New York Yankees v Baltimore Orioles

The idea of players being non-tendered can be a little difficult to understand for regular people who don’t spend their days & nights buried in the fine print of the collective bargaining agreement. “Non-tendering” a player grants him early free agency, forsaking the remaining years of club control while freeing the club from paying his way. Arbitration raise are baked into the system, so the rules dictate players earn raises

After three years of team control where they are entitled to little more than the league minimum, baseball players enter their arbitration years. Their salary slowly begins coming into line with their performance ever so slightly.

Players earn raises based on their service time and performance as laid out in the CBA. Agents and teams have a good understanding as to what a player will earn in arbitration. Sometimes that potential earning rises beyond what a team is willing to pay and, if they cannot work out a trade with another team eager to pay that same price, they can opt not to tender the player a contract, essentially renouncing their rights to the player.

Players can re-sign with their original team for lesser terms once they become a free agent. Even after they hit the free market, the existing service time rules dictate their terms moving forward (i.e. they are still eligible for arbitration but not free agents until the earn six years of service time.)

It can look a little strange from a distance but it goes a long way to “paying back” players after their first three seasons making minimum wage. Think about a player like Mike Trout – think of all the value he already delivered the Angels in the last two years. Darn right he will start making some of that money back.

MLB Trade Rumors publishes their list of players who might get non-tendered, based on the arbitration calculations reverse engineered by Matt Swartz. There is always an entertaining list of players. The non-tenders list always contains a few surprises, players who will go on to produce at their next stop when others counted them out.

There is one good rule of thumb to remember on baseball’s non-tender day: good players do not get non-tendered. It is really that simple. Even as arb costs rise, good players are almost always worth it, because even though they’re expensive, replacing them will only cost more time and money.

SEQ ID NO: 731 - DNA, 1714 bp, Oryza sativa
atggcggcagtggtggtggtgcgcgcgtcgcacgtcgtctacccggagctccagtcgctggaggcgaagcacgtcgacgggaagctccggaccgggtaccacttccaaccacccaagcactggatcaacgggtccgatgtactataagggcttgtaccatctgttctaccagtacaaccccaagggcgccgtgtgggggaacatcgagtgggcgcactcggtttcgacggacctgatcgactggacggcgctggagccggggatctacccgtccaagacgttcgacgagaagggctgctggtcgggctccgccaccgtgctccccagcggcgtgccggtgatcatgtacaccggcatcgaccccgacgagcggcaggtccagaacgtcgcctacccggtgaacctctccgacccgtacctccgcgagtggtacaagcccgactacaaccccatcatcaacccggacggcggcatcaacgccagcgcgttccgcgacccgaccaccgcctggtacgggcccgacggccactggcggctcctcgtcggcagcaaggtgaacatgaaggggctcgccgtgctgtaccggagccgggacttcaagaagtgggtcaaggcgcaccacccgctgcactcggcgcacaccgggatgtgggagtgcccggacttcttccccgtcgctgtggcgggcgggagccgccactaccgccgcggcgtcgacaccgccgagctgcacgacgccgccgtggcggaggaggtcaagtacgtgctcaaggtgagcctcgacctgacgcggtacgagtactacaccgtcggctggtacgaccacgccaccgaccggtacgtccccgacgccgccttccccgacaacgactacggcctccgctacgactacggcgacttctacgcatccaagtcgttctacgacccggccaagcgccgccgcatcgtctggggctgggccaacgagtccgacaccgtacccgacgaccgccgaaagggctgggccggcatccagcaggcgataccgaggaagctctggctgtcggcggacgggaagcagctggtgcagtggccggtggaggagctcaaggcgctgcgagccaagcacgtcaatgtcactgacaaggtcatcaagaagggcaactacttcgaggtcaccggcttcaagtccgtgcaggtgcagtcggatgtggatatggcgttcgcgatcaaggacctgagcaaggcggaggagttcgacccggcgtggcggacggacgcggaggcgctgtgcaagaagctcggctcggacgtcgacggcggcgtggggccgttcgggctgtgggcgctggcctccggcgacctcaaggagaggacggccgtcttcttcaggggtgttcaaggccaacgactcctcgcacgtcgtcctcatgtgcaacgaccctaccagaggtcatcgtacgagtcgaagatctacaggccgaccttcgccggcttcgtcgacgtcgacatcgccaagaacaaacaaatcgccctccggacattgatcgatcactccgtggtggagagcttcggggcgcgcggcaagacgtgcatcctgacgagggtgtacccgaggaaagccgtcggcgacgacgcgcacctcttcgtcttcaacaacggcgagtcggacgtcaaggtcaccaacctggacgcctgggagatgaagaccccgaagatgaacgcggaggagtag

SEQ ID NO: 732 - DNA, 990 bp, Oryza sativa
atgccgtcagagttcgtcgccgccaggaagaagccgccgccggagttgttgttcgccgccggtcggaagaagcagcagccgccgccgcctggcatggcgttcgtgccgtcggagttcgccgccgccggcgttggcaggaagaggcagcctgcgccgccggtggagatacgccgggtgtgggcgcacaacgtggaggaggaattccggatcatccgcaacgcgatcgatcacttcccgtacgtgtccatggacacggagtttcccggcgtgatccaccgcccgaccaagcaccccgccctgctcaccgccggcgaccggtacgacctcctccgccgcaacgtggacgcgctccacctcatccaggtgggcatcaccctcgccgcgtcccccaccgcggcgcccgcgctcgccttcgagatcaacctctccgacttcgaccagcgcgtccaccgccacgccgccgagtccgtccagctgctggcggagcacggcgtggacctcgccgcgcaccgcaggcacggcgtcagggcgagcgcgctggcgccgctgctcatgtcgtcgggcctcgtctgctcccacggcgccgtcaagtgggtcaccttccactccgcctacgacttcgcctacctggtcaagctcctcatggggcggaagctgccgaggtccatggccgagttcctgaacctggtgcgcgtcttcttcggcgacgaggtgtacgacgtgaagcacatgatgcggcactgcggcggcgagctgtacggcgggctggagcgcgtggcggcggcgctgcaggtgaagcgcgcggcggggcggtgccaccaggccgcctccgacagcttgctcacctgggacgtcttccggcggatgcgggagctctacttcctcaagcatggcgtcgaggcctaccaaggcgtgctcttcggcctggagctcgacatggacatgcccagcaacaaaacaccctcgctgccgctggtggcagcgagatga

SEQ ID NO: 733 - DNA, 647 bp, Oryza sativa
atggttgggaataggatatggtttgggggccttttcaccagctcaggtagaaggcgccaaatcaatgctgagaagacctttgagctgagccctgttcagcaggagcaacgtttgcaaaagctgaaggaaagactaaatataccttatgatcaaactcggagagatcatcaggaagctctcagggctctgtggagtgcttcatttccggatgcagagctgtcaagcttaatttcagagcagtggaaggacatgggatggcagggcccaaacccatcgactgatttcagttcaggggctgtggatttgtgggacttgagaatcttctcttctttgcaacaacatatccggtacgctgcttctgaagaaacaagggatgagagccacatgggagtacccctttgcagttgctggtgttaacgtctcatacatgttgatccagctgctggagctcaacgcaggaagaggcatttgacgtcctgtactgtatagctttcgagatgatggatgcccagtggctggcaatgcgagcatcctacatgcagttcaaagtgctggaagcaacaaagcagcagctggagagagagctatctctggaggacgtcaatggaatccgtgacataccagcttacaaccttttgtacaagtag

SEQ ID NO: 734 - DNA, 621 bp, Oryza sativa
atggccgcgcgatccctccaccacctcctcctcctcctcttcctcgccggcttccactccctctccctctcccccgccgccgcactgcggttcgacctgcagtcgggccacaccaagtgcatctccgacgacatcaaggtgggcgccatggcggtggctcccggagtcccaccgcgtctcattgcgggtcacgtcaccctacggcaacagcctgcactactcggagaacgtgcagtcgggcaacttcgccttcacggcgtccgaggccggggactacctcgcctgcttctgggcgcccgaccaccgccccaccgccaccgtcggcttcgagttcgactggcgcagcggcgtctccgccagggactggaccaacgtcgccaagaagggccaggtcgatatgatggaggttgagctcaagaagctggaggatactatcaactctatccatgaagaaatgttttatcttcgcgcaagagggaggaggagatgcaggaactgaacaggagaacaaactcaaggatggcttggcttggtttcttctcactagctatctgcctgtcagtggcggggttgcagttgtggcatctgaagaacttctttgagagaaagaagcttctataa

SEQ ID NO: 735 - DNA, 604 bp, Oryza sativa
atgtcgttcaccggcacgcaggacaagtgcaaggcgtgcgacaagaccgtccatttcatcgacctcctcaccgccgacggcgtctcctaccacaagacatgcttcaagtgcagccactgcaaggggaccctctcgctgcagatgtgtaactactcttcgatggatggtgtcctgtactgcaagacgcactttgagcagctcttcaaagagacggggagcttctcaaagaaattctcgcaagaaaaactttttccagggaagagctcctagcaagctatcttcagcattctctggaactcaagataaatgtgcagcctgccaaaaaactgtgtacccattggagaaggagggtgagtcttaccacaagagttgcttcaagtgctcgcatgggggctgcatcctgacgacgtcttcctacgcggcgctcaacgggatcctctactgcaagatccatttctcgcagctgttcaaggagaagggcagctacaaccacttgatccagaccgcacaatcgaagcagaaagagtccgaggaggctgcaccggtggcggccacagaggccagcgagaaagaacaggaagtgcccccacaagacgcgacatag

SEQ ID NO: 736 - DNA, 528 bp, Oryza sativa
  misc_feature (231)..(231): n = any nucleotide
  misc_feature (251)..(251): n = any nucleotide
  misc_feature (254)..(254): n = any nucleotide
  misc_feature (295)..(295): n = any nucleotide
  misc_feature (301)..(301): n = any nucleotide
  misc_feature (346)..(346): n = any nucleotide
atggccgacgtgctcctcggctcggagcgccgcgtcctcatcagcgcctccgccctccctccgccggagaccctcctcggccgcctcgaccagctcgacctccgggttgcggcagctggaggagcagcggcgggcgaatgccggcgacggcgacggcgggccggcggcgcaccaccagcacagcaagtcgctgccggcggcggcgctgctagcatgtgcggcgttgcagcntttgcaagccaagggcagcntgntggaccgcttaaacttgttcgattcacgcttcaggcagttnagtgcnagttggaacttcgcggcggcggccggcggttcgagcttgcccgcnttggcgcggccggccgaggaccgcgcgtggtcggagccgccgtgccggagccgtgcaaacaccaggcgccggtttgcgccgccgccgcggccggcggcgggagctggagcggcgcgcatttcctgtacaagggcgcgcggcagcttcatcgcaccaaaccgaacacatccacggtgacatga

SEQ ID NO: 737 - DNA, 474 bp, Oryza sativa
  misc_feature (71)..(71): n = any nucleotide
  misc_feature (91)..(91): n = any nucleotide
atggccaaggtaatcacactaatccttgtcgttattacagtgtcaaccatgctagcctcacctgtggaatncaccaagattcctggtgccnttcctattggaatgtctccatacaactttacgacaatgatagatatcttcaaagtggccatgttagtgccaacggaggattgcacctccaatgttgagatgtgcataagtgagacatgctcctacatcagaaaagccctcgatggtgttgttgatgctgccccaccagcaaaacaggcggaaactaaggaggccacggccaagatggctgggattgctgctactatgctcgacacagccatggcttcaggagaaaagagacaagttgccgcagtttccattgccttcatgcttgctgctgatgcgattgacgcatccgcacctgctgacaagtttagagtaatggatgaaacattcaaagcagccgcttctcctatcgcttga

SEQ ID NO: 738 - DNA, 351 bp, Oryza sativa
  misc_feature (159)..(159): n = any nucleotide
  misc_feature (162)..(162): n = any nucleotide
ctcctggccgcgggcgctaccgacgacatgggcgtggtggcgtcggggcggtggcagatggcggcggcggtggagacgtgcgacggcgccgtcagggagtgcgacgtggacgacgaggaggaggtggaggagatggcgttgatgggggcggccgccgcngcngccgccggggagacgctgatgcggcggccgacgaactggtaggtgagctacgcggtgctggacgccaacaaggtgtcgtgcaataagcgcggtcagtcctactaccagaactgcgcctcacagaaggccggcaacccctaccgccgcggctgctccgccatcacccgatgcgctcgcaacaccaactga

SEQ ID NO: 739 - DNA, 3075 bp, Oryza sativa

The most common players we see go the non-tender route are limited players – guys who might do one thing particularly well but have priced themselves out of use to their current club. Jim Johnson was the Orioles closer the last two years. While he isn’t likely to be non-tendered, he salary figures to rise beyond his current talent level.

The reward system is powered by a few key stats – some of which tend to overrate certain players. Saves are a great way to get paid in arbitration, and Jim Johnson just notched 50 in 2013. But all those saves come a price, as the Orioles reliever is set to earn more than $10MM in arbitration. Johnson is a nice reliever but is he worth more than ten million dollars? I can’t say that he is.

It cuts both ways for players like Johnson. They fight and work to maximize their earnings but then find themselves out of a job because suddenly they’re worth more than any team is willing to pay them.

This is the exception to the rule. Most of the names on the non-tender list are really bad middle infielders who struggle to meet even the lowliest of offensive barriers for shortstops and the like. Relievers coming off terrible year(s), platoon outfielders and busted prospects. It’s a grim list, though there are always diamonds in the rough.

Scott Kazmir signing a two-year contract worth $22 million after being out of baseball completely in 2012 shows you never really know where the next diamond might turn up. The Rule 5 draft, non-tendered players and free agents wandering the wilderness, there are contributions lurking everywhere. Just don’t be surprised when your team signs a recently non-tendered guy and it turns out he isn’t very good. That’s sort of the way it works.